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New yard bird - American White Pelican in Orinda
Fri, 21 Feb 2003 15:37:22 -0800
From: Ray Witbeck

While having an enjoyable lunch in my backyard and enjoying this gorgeous weather I was able to add a new species to my yard bird list - a single American White Pelican high overhead slowly making his way west over the Oakland Hills.

Also had a flock of Cedar Waxwings competing with the American Robins for the berries.

Good birding!
Ray Witbeck
Orinda, CA

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Wild Turkey in Albany
Fri, 21 Feb 2003 16:09:59 -0800
From: Lisa Owens-Viani

I saw one Wild Turkey walking down Santa Fe St near Solano Ave not too long ago.

Lisa Owens-Viani

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Wild Turkeys redux
Fri, 21 Feb 2003 18:01:01 -0800
From: John Poole

My problem with Wild Turkey sightings is that I have never heard of any flocks in the Berkeley Hills. This appears to be a solitary bird. I believe that there is someone living in the Milvia area with a small collection of wild animals. Perhaps he/she is missing a turkey (and Thanksgiving is over!).

John Poole

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Re: Wild Turkeys redux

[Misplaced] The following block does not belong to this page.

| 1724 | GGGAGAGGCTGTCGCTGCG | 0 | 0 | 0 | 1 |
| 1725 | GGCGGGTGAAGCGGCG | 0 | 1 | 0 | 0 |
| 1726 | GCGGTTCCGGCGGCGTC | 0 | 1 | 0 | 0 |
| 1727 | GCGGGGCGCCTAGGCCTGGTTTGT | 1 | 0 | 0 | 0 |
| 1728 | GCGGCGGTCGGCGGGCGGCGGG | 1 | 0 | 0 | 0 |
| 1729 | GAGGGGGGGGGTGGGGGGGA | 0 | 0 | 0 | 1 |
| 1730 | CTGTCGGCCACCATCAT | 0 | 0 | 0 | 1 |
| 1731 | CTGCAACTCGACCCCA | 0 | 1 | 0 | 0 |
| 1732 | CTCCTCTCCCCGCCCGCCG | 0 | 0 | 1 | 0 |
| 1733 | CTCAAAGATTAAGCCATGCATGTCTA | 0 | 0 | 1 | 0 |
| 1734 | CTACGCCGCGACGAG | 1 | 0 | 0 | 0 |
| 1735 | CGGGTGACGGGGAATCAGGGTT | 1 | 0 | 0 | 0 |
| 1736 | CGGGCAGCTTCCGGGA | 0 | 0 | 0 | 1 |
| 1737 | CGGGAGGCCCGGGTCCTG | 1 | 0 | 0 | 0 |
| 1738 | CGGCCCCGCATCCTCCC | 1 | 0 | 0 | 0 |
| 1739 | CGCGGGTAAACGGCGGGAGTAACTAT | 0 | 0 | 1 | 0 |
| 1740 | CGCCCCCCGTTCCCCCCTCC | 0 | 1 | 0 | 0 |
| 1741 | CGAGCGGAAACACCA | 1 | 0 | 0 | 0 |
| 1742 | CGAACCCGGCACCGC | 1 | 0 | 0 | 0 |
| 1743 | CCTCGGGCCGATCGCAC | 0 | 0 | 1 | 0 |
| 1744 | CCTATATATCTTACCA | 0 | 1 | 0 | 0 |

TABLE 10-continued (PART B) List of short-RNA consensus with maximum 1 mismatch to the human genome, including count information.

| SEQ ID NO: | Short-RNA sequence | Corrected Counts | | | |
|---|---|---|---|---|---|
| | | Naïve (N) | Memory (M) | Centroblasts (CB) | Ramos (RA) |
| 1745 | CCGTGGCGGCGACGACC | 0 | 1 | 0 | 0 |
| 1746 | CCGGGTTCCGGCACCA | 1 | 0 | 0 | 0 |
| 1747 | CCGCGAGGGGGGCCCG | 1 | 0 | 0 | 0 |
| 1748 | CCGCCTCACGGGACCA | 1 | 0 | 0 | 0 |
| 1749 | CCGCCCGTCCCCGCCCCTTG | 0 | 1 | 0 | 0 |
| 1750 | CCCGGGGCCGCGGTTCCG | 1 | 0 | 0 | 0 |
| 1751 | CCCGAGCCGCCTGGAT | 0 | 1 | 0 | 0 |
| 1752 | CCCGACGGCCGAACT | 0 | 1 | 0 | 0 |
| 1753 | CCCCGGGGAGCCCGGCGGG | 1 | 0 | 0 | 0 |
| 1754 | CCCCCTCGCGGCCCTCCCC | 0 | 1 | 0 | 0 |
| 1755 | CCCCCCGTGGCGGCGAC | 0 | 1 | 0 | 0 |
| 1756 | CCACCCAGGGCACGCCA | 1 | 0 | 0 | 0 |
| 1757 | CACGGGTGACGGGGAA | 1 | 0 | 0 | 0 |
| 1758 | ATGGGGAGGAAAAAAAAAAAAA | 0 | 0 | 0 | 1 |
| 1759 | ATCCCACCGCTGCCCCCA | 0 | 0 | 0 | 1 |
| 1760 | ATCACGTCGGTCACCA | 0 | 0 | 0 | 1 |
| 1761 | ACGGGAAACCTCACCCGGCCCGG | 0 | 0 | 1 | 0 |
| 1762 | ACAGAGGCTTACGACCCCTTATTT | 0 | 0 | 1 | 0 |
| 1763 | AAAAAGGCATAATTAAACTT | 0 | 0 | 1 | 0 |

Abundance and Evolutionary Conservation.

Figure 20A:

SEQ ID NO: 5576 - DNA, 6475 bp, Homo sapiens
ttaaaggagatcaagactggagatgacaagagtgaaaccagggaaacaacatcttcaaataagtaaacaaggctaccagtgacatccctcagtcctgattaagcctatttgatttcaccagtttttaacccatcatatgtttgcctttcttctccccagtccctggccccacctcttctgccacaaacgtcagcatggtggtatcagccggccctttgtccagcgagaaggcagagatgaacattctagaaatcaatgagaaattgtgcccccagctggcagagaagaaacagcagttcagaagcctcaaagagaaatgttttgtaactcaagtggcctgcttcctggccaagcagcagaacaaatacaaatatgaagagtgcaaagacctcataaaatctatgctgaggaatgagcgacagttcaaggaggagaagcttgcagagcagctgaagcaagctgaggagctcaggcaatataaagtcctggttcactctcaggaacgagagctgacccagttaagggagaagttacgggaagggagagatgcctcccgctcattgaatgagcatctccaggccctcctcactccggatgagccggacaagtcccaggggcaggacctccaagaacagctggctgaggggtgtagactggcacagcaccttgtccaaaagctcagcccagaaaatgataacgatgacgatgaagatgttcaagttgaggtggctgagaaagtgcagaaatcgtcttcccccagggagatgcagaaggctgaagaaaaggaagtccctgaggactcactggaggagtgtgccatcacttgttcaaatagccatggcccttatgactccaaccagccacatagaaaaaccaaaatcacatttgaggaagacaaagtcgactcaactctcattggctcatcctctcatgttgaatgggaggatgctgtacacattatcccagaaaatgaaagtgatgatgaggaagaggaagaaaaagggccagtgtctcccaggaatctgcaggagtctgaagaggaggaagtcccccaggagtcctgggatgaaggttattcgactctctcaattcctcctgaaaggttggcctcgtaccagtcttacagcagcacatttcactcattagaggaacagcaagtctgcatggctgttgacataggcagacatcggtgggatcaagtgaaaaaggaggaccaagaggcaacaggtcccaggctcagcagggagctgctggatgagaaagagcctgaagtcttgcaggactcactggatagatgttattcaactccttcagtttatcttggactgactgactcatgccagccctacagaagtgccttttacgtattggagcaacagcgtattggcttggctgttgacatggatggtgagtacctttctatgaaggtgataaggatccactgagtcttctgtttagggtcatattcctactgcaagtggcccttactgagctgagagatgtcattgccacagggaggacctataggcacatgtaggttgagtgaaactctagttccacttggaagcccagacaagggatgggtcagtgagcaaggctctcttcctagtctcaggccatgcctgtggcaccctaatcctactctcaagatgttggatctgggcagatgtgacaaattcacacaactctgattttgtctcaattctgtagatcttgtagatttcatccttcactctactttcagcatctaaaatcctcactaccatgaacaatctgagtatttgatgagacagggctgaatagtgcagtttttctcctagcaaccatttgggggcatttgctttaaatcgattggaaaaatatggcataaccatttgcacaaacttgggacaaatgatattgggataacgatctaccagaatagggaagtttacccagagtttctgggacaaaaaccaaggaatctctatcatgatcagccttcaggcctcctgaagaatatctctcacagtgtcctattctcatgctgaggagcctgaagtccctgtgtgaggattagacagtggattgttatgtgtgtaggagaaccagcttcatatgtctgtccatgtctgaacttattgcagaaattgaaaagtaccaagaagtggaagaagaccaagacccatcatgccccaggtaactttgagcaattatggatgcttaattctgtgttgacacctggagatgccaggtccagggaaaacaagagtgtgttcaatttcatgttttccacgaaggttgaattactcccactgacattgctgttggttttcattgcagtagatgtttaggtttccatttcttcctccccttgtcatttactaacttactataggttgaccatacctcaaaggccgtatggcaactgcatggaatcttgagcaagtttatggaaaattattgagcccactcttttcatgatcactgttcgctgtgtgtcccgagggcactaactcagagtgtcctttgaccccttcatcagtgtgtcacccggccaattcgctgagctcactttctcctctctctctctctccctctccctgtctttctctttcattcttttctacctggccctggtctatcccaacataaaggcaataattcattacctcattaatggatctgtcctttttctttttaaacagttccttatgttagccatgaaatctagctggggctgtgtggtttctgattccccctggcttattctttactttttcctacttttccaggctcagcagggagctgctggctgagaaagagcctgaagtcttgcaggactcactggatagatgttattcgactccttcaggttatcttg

Fri, 21 Feb 2003 18:10:28 -0800
From: Bob Lewis

Hanno and I had 4 Wild Turkeys at the intersection of Fish Ranch Rd and the tunnel turnoff in early February. It was early morning, and the birds actually ran toward the car ... not sure that's a normal Wild Turkey reaction.

Bob Lewis

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Bald Eagle and Heronry at San Pablo Reservoir
Sat, 22 Feb 2003 13:10:33 -0800
From: Kitty O'Neil

This morning I took a nice walk to the San Pablo Reservoir. And at last I finally saw the Bald Eagle. Awesome. Sitting in a pine tree looking out over the water. It was completely visible and identifiable down to the yellow talons. (Directions below)

And I thought the highlight of the walk was the Great Blue Heron rookery! Saw about 6 nests though there may be more. The herons were coming and going and making a lot of very deep grunting sounds. Saw more than 20 Great Blue Herons in and around the area. (And a lot of turtles sunning themselves too.)

Saw about 40 species all told.

Great birding!


I started at the Orinda Connector Trail (intersection of Wildcat Canyon Rd and Camino Pablo/San Pablo Dam Rd) and hiked to the south end of San Pablo Reservoir (EBMUD Trail Permit required) where I saw the Bald Eagle.

The Rookery:

The nests are high up in the eucalyptus trees on the north side of the maintenance building (the one with the gas pumps). This building can also be reached along the driveway from San Pablo Dam Rd to the boat ramps at San Pablo Reservoir. [Editor's Note: The EBMUD staff request that you check in at the office before roaming around the maintenance yard birding - enhanced security measures are in effect because of terrorist concerns.]

Kitty O'Neil
Orinda, CA